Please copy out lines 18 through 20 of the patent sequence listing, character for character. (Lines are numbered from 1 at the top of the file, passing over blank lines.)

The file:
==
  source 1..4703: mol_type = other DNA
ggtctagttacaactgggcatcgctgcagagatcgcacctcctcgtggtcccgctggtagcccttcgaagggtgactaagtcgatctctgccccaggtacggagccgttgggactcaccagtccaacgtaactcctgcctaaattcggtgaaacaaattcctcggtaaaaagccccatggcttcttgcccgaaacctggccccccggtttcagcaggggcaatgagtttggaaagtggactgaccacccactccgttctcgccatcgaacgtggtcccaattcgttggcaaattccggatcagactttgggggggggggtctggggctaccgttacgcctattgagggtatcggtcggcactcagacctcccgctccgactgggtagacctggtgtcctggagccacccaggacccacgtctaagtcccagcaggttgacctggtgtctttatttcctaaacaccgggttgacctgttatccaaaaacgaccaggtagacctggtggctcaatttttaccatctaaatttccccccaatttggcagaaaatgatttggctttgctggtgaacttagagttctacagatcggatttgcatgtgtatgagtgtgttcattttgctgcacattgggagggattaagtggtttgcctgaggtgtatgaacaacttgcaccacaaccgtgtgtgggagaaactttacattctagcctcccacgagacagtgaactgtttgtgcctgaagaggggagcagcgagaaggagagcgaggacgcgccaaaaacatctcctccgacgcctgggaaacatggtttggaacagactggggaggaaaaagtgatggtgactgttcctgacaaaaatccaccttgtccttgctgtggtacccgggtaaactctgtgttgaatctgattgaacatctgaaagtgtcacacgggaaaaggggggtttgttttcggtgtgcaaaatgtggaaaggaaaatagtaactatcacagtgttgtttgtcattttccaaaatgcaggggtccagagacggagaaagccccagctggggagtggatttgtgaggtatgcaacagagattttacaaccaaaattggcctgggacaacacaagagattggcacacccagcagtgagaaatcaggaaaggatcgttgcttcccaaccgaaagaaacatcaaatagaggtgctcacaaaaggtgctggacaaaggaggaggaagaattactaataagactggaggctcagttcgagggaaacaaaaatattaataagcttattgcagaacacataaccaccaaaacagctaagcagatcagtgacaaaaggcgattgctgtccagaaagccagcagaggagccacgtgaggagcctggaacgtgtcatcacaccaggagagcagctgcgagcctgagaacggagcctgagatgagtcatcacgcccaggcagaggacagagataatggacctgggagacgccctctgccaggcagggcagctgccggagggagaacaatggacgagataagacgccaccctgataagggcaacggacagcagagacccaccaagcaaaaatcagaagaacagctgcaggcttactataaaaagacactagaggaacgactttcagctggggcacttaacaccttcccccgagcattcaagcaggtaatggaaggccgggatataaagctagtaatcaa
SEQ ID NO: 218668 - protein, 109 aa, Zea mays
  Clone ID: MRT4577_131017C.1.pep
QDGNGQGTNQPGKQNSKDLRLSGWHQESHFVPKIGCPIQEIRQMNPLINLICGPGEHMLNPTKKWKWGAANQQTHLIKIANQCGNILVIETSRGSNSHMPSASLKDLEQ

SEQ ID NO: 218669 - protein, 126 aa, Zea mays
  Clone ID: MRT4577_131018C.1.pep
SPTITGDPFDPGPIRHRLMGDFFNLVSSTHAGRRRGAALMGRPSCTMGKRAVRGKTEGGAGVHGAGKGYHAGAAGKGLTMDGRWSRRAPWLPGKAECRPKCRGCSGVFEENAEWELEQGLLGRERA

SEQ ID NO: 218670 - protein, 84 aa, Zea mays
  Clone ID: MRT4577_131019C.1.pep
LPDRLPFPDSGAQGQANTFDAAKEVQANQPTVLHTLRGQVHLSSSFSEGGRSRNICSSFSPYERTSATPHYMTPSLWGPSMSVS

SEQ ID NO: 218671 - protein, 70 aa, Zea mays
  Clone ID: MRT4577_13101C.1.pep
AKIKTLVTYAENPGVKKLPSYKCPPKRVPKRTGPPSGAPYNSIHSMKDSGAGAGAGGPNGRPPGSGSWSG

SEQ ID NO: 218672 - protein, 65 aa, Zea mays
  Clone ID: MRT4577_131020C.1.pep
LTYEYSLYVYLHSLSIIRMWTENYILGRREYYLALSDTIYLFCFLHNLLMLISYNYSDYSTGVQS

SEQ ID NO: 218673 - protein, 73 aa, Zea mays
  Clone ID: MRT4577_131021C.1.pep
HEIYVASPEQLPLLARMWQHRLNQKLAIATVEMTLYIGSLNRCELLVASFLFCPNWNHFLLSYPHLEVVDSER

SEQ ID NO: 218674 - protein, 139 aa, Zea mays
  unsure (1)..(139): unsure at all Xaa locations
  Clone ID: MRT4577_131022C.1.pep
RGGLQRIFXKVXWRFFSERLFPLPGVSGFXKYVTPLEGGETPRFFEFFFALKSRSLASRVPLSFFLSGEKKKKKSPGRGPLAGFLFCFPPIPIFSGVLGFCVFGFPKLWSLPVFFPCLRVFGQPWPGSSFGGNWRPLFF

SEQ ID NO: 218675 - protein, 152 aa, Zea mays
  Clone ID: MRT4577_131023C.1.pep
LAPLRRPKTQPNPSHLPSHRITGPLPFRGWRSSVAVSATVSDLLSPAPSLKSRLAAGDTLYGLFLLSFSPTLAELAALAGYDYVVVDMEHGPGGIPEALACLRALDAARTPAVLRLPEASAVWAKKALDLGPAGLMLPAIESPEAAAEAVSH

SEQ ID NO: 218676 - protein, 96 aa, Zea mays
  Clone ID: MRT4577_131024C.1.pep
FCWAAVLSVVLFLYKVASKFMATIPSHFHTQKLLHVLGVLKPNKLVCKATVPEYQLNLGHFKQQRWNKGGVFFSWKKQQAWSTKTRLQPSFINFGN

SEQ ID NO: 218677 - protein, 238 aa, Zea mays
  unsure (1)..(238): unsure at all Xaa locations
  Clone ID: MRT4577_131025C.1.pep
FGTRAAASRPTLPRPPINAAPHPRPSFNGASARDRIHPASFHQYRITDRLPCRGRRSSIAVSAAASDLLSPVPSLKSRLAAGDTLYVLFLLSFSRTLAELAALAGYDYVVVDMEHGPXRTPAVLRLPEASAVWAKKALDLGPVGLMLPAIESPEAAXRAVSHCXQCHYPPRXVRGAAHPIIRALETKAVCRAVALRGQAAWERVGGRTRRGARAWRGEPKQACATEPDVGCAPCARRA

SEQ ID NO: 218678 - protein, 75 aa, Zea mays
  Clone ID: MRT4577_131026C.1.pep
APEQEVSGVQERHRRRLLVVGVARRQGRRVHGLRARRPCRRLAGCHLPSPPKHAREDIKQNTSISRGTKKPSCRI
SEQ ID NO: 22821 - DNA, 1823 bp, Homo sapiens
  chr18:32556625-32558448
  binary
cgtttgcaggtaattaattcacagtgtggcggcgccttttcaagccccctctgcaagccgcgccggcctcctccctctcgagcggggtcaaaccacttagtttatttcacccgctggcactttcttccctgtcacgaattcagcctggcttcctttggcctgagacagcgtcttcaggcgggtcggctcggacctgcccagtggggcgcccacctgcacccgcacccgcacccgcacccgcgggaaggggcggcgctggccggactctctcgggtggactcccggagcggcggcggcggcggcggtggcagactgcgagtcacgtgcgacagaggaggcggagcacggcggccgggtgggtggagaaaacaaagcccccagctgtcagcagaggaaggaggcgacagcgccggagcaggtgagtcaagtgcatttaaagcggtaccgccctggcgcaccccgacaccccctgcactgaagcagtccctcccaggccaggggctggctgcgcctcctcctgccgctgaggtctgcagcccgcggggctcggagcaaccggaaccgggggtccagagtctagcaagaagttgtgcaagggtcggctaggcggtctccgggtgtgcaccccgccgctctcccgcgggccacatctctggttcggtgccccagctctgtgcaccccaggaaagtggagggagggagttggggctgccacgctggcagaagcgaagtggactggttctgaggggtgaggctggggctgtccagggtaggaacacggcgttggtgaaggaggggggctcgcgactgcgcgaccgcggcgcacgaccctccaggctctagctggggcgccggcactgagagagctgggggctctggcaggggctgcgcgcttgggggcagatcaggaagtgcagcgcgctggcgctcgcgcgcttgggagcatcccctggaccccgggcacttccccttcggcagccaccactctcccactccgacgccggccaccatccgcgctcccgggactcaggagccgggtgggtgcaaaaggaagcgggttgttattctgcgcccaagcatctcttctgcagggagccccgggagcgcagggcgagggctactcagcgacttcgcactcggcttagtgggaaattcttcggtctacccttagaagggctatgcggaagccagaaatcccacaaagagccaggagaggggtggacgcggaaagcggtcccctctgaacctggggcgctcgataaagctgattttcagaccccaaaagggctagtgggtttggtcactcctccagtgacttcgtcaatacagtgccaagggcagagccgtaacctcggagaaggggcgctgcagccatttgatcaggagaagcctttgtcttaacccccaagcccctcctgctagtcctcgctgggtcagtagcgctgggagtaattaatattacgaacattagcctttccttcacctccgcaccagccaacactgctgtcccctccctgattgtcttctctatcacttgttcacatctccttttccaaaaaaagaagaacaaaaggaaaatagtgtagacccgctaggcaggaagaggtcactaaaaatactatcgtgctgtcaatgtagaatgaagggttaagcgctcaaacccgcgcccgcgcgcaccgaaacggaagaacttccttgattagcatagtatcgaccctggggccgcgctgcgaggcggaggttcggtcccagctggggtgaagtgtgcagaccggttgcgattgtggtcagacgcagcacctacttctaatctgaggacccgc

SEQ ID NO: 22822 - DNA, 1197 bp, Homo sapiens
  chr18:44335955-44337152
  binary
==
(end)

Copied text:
SEQ ID NO: 218673 - protein, 73 aa, Zea mays
  Clone ID: MRT4577_131021C.1.pep
HEIYVASPEQLPLLARMWQHRLNQKLAIATVEMTLYIGSLNRCELLVASFLFCPNWNHFLLSYPHLEVVDSER